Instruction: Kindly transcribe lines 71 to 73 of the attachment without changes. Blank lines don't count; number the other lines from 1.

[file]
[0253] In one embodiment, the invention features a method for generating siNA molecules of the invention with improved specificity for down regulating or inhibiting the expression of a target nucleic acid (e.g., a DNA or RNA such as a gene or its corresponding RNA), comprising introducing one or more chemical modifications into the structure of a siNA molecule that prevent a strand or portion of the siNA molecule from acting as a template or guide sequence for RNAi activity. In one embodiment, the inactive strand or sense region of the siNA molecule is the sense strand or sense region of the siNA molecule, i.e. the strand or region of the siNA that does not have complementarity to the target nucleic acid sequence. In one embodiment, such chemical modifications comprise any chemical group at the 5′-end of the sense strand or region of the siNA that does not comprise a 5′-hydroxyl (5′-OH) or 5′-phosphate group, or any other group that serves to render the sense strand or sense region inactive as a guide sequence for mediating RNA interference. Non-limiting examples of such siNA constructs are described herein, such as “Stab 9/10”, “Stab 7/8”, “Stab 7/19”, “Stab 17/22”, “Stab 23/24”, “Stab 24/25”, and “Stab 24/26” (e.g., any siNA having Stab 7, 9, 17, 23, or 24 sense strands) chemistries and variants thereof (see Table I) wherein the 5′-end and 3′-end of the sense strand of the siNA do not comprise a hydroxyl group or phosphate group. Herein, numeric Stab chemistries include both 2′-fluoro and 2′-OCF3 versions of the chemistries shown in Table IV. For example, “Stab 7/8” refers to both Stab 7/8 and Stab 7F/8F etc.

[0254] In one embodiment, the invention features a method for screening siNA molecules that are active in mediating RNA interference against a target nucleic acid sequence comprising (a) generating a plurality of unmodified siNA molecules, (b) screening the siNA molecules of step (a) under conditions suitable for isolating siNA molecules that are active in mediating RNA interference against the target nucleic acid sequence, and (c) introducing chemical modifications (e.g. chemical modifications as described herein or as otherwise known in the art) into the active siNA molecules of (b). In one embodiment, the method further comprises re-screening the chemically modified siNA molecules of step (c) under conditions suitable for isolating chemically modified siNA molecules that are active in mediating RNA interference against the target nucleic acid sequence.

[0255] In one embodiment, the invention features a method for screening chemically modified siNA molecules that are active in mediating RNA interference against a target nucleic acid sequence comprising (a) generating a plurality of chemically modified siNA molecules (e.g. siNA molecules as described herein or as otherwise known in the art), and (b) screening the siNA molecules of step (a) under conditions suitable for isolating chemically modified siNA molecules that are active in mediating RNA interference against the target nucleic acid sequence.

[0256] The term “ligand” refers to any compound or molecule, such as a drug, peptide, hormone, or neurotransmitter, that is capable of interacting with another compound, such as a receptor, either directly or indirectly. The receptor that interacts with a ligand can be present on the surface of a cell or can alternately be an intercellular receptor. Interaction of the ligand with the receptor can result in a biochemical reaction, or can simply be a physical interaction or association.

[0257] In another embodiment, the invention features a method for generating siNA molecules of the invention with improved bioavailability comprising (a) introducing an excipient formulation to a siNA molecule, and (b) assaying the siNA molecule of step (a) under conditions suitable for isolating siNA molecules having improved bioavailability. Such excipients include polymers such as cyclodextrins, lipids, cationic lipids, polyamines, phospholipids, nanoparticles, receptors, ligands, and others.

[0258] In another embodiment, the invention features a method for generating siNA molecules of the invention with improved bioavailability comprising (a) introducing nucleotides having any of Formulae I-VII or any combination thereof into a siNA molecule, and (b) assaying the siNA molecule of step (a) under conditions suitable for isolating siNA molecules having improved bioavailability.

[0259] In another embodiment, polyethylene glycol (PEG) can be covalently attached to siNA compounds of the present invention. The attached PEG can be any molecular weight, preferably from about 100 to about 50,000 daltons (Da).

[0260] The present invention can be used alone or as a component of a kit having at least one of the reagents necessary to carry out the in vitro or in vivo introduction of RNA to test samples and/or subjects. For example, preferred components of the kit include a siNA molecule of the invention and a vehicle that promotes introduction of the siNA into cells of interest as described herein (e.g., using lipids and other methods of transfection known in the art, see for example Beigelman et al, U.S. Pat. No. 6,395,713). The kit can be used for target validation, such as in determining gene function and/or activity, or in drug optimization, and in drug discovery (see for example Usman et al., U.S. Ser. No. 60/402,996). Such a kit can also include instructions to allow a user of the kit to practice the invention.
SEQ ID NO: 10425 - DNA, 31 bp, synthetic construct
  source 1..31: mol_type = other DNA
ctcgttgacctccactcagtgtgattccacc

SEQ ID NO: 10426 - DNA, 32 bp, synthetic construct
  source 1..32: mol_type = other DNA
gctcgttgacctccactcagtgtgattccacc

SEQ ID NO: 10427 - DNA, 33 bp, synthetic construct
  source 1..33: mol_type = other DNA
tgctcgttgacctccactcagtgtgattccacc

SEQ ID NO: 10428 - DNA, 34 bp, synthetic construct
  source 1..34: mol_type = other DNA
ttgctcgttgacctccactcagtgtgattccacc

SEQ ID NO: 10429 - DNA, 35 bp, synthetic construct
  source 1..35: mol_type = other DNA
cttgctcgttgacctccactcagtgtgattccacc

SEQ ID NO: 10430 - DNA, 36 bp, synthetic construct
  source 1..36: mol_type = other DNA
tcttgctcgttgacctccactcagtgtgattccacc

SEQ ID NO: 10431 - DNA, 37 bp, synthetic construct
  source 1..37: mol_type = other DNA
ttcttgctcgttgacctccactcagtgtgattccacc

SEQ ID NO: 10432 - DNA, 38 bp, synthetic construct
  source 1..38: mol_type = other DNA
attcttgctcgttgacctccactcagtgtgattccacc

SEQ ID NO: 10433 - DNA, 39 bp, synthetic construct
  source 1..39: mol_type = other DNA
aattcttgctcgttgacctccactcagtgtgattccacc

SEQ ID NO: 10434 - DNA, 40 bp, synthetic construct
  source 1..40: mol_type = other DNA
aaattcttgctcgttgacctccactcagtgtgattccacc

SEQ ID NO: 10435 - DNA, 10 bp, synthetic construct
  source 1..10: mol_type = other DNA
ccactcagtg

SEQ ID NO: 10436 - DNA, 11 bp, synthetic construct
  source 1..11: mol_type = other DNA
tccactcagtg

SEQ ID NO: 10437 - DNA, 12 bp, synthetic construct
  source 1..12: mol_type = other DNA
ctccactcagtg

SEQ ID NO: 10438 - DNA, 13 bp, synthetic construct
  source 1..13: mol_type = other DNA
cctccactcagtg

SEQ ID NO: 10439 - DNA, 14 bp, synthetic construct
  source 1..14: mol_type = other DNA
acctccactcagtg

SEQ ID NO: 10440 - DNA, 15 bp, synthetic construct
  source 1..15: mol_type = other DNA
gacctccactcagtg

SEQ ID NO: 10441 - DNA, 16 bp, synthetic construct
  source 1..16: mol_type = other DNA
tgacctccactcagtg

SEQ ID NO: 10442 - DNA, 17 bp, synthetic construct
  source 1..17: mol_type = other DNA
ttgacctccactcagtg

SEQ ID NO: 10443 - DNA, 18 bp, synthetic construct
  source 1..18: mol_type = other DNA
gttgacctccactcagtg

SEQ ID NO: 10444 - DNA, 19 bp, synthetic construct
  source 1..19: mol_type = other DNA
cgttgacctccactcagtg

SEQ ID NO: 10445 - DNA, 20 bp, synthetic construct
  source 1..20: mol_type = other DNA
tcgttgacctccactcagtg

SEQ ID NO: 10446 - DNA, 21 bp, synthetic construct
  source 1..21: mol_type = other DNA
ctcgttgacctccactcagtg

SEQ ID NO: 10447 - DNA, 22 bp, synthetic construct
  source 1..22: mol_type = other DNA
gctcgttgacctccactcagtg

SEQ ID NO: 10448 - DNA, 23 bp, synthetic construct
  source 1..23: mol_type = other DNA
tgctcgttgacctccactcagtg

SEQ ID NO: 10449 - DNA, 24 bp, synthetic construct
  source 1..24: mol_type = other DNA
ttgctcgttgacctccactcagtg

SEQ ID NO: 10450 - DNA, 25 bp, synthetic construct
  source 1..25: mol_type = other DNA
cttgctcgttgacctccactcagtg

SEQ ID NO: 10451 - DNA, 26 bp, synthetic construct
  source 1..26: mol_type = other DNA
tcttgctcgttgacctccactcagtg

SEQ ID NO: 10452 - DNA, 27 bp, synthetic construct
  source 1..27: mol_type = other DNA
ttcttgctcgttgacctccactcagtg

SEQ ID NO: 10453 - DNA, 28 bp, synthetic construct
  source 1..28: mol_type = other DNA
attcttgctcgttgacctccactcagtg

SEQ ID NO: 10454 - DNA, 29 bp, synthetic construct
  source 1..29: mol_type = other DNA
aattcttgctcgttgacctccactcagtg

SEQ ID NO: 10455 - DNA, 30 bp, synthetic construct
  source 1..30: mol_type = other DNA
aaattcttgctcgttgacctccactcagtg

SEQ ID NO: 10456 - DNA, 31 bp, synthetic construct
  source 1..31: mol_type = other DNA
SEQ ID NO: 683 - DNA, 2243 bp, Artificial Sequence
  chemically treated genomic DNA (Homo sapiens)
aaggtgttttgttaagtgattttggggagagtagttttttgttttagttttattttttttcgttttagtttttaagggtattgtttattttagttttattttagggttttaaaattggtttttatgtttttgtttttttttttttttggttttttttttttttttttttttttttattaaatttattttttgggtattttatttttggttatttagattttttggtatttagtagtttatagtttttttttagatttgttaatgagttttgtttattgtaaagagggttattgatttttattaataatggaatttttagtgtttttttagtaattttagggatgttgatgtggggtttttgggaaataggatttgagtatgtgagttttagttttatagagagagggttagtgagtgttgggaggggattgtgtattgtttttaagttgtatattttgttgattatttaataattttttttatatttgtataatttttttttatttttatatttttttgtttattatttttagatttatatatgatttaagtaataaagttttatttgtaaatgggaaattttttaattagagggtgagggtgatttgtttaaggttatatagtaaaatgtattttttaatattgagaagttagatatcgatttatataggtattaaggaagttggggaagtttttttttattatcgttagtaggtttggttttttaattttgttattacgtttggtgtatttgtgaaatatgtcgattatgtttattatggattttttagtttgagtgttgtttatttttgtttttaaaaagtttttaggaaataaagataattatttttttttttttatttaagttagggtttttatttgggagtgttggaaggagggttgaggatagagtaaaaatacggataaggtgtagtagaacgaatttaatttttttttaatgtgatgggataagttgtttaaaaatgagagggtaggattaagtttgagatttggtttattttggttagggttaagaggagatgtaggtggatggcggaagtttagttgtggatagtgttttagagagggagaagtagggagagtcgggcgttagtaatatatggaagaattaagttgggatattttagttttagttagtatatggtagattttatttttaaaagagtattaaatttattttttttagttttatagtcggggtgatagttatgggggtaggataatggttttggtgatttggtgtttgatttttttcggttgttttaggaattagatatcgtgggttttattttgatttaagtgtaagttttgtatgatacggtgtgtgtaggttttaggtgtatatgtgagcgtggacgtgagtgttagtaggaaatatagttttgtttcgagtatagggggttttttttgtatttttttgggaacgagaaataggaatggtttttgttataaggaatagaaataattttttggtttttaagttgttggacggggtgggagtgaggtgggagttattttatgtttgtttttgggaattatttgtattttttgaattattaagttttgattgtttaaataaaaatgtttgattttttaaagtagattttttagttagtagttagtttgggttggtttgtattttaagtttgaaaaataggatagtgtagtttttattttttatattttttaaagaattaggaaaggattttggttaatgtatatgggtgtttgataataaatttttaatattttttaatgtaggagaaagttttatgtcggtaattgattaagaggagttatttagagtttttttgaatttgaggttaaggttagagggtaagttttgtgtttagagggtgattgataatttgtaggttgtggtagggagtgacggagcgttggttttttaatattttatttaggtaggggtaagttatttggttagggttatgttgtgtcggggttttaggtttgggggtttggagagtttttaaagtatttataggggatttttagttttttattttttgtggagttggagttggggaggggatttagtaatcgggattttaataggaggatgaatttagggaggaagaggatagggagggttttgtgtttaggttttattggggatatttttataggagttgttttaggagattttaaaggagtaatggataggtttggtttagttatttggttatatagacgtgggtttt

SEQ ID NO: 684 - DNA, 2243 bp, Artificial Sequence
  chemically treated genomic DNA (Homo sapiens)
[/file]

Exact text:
tcgttgacctccactcagtg

SEQ ID NO: 10446 - DNA, 21 bp, synthetic construct
  source 1..21: mol_type = other DNA